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New Sheriff in Town: Drop in Illegal Immigration Comes Down to Trump's Rhetoric

© AP Photo / Guillermo AriasUS border patrol vehicle rides along the fence at the US-Mexican border near Naco, Mexico, Sunday, Jan. 13, 2008
US border patrol vehicle rides along the fence at the US-Mexican border near Naco, Mexico, Sunday, Jan. 13, 2008 - Sputnik International
The US Customs and Border Protection Agency has reported a 40% drop in the number of illegal crossings at the southern border with Mexico in the first month of Trump's presidency. Speaking to Radio Sputnik, immigration expert Westy Egmont explained that that the dropoff can be attributed to a deterrent effect coming from officials' harsh rhetoric.

In its report, the agency specified that it usually registers a 10 to 20 percent increase in the number of illegal border crossings between January and February. However, during this timeframe this year, "the flow of illegal border crossings as measured by apprehensions and the prevention of inadmissible persons at our southern border dropped by 40%," the agency said Wednesday.

Children play at a newly built section of the U.S.-Mexico border wall at Sunland Park, U.S. opposite the Mexican border city of Ciudad Juarez, Mexico November 18, 2016 - Sputnik International
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"Since the administration's implementation of executive orders to enforce immigration laws, apprehensions and inadmissible activity is trending toward the lowest monthly total in at least the last five years," the agency added.

During the presidential campaign, Trump made illegal immigration one of the key priorities in his platform. Since taking office, the president has issued three executive orders aimed at curbing illegal immigration, including measures to increase deportations, and to build a wall along the border with Mexico.

Speaking to Radio Sputnik about the implications of this steep decline in illegal immigration, professor Westy Egmont, director of the Immigrant Integration Lab at Boston College, shared his thoughts on the possible causes behind the drop.

"There is no doubt a deterrent effect that comes from a lot of harsh rhetoric and a lot of fear," Egmont said. "It's unusual to see this pattern of decline, and I think a lot of very vulnerable people who have been coming up and across Mexico…the flow that's come from our south into the United States has certainly heard loud and clear that there's a new sheriff in town. There's a harsh rhetoric, and there is a clear desire to catch and detain [illegals]."

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Pointing to Homeland Security Secretary John Kelly's recent comments that the government may even separate illegals' families, the professor suggested that the Trump administration is putting out "as strong a message as they can that they will to try to stop an increase in any way they can" in the numbers of people coming across the border.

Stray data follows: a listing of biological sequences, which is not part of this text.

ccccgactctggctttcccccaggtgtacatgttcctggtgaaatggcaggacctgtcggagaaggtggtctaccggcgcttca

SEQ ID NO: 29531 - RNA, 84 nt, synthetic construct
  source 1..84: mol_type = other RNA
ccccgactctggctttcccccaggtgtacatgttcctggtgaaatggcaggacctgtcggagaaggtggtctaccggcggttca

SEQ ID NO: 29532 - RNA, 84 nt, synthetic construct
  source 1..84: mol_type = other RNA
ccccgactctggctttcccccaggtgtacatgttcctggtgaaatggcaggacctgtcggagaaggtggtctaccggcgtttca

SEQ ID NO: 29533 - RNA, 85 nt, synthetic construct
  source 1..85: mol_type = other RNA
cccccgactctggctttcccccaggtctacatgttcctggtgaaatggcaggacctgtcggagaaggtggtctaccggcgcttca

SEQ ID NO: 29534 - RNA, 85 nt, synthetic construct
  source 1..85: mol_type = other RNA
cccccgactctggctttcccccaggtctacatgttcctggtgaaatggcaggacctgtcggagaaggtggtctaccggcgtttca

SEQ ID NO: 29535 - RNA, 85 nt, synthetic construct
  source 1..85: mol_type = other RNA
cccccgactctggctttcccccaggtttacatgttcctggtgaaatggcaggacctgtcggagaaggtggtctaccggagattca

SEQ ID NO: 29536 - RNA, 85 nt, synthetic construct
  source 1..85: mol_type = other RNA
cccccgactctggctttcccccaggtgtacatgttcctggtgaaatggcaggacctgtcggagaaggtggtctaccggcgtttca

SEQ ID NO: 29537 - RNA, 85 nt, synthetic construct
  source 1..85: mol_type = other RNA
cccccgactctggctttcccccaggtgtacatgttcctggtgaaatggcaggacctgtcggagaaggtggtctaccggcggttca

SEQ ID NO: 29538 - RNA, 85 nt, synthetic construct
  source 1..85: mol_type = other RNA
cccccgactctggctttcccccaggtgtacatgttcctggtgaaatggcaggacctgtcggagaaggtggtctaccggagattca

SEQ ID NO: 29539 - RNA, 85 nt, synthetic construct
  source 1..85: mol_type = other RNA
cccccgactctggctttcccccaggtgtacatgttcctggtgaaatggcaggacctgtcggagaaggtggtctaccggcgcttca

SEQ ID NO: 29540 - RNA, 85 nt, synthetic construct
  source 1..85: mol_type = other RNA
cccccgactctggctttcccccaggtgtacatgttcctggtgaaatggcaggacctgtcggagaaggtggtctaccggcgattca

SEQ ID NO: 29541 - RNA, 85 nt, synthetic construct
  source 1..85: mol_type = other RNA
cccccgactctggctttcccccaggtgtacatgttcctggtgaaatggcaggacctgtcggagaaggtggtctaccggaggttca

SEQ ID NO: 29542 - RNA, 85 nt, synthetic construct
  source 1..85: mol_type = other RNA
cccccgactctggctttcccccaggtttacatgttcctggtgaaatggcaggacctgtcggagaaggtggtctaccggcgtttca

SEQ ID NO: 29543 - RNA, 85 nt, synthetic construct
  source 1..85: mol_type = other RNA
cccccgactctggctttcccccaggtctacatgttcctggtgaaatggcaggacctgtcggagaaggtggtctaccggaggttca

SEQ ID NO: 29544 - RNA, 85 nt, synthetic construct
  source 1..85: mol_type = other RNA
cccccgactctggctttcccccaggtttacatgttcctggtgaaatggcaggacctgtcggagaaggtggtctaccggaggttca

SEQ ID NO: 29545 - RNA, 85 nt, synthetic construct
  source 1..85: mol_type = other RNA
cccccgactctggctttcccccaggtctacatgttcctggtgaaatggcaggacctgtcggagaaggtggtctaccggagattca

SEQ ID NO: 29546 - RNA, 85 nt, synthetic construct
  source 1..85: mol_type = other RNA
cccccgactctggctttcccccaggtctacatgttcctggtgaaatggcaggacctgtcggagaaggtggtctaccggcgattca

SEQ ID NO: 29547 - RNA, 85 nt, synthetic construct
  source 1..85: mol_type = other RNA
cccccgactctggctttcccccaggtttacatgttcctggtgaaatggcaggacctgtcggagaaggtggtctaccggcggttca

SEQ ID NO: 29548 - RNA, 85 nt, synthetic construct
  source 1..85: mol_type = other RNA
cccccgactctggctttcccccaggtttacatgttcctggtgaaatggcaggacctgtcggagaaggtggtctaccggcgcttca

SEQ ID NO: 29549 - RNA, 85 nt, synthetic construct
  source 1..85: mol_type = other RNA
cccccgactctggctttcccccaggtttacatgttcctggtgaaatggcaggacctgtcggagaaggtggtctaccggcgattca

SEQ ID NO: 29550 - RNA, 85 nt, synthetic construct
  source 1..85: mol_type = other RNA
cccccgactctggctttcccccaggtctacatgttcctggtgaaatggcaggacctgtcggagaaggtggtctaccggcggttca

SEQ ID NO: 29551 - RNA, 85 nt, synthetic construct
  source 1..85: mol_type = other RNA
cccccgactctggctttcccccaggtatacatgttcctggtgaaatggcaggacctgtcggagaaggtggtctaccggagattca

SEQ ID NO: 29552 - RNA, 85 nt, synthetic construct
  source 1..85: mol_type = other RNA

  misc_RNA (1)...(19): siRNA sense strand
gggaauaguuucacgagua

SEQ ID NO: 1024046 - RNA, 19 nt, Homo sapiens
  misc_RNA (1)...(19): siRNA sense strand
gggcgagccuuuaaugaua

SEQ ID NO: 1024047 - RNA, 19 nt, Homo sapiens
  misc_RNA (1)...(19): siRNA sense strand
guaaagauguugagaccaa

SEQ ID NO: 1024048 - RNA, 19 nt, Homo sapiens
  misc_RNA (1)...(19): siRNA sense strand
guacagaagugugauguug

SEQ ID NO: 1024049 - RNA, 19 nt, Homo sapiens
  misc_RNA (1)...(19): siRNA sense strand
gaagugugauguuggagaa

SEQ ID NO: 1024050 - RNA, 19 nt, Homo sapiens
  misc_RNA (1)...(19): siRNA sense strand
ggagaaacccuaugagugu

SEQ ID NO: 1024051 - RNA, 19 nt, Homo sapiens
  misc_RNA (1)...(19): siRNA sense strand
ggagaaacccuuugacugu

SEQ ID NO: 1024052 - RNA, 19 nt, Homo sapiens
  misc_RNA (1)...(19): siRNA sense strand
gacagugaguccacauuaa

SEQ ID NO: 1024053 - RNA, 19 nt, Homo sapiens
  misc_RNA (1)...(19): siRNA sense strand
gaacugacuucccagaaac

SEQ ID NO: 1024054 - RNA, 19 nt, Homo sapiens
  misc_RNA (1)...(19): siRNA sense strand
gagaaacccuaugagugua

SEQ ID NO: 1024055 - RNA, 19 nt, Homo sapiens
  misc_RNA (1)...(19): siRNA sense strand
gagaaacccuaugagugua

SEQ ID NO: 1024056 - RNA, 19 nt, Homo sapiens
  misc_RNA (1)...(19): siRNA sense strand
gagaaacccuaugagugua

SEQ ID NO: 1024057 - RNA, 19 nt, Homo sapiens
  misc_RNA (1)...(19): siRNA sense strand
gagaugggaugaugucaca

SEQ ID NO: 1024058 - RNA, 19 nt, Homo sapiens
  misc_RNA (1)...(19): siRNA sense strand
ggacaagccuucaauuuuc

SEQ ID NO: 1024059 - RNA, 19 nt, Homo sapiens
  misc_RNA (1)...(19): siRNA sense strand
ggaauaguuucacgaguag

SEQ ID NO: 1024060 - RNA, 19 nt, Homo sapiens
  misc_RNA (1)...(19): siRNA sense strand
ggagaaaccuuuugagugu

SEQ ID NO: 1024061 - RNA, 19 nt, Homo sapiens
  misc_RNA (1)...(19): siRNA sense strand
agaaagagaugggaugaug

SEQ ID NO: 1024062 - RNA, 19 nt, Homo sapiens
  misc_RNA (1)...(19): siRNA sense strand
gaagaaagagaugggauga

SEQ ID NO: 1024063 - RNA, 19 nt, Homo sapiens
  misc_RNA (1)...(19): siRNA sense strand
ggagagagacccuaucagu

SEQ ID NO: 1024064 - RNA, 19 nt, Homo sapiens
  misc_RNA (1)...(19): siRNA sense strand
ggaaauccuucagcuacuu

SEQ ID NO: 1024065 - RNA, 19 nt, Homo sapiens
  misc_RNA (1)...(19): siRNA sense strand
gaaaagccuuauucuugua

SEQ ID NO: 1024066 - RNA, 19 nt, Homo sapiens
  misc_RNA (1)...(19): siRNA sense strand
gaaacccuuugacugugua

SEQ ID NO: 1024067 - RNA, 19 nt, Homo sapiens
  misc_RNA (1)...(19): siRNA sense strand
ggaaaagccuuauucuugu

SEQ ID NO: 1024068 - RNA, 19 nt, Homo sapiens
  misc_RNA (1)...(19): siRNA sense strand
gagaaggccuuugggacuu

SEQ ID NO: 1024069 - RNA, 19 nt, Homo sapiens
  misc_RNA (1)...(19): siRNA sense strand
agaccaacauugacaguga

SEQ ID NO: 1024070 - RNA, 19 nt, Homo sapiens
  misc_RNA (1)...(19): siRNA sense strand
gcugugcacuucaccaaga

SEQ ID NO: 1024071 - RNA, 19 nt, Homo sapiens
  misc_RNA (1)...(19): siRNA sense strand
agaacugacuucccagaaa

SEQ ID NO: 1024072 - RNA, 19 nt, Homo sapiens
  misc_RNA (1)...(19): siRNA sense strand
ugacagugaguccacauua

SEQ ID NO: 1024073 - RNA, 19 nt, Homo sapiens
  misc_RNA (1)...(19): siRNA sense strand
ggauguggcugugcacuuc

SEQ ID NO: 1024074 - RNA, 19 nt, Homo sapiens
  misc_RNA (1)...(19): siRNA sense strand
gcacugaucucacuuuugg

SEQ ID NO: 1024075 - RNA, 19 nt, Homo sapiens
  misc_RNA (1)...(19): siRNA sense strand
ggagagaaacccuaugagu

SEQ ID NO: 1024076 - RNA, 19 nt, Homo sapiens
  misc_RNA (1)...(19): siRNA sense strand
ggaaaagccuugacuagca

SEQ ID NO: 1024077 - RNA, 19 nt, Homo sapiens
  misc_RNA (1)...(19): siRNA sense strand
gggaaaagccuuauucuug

At the same time, however, Egmont noted that he does not believe that the drop will be permanent. "I think there is a great deal of apprehension…Right now there is a great deal of 'unknown-ness' with travel bans, confusion, rhetoric, and questions. I think that the environment is doing a pretty good job of creating fear and resistance, [meaning] that if somebody can wait, they're waiting to see how things settle out."

As for the Trump administration's plans to build a wall along the southern border, the professor suggested that given a whole slew of factors, from eminent domain, to national parks, waterways, flyways, protests by animal rights groups, etc., he finds it extremely unlikely that the entire US-Mexico border will ever have a wall. "We already have 700 miles of wall, and I think it is very, very unlikely that we'll ever see the entire border secured with a wall, per say, or a fence more exactly."

Furthermore, Egmont questioned the long-term effectiveness of a border wall as a concept. "I think that we are at a time where people will continue to find alternative routes. Migration has not ever been stopped in the world because of a wall. Even though there are now 65 walls around world, this goes back to the Great Wall of China, and for most us, this is not exactly the most progressive way of dealing with the international issues of migration."

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Ultimately, the professor suggested that so long as the problems of mass crime, corruption, poverty, war, and similar issues continue to plague some countries, "no matter how high the risk…people will [continue to] pursue the opportunity of safety, and pursue some place where there is opportunity for their family to prosper and hopefully, to get away from the things that have threaten their lives."

Accordingly, Egmont noted that "we need to find the alternative routes [through which] people can come safely into the United States, or whatever country they have chosen as their destination – never open borders, but responsible borders that have reasonable patterns and pathways for people to apply and to gain entry into the new country."

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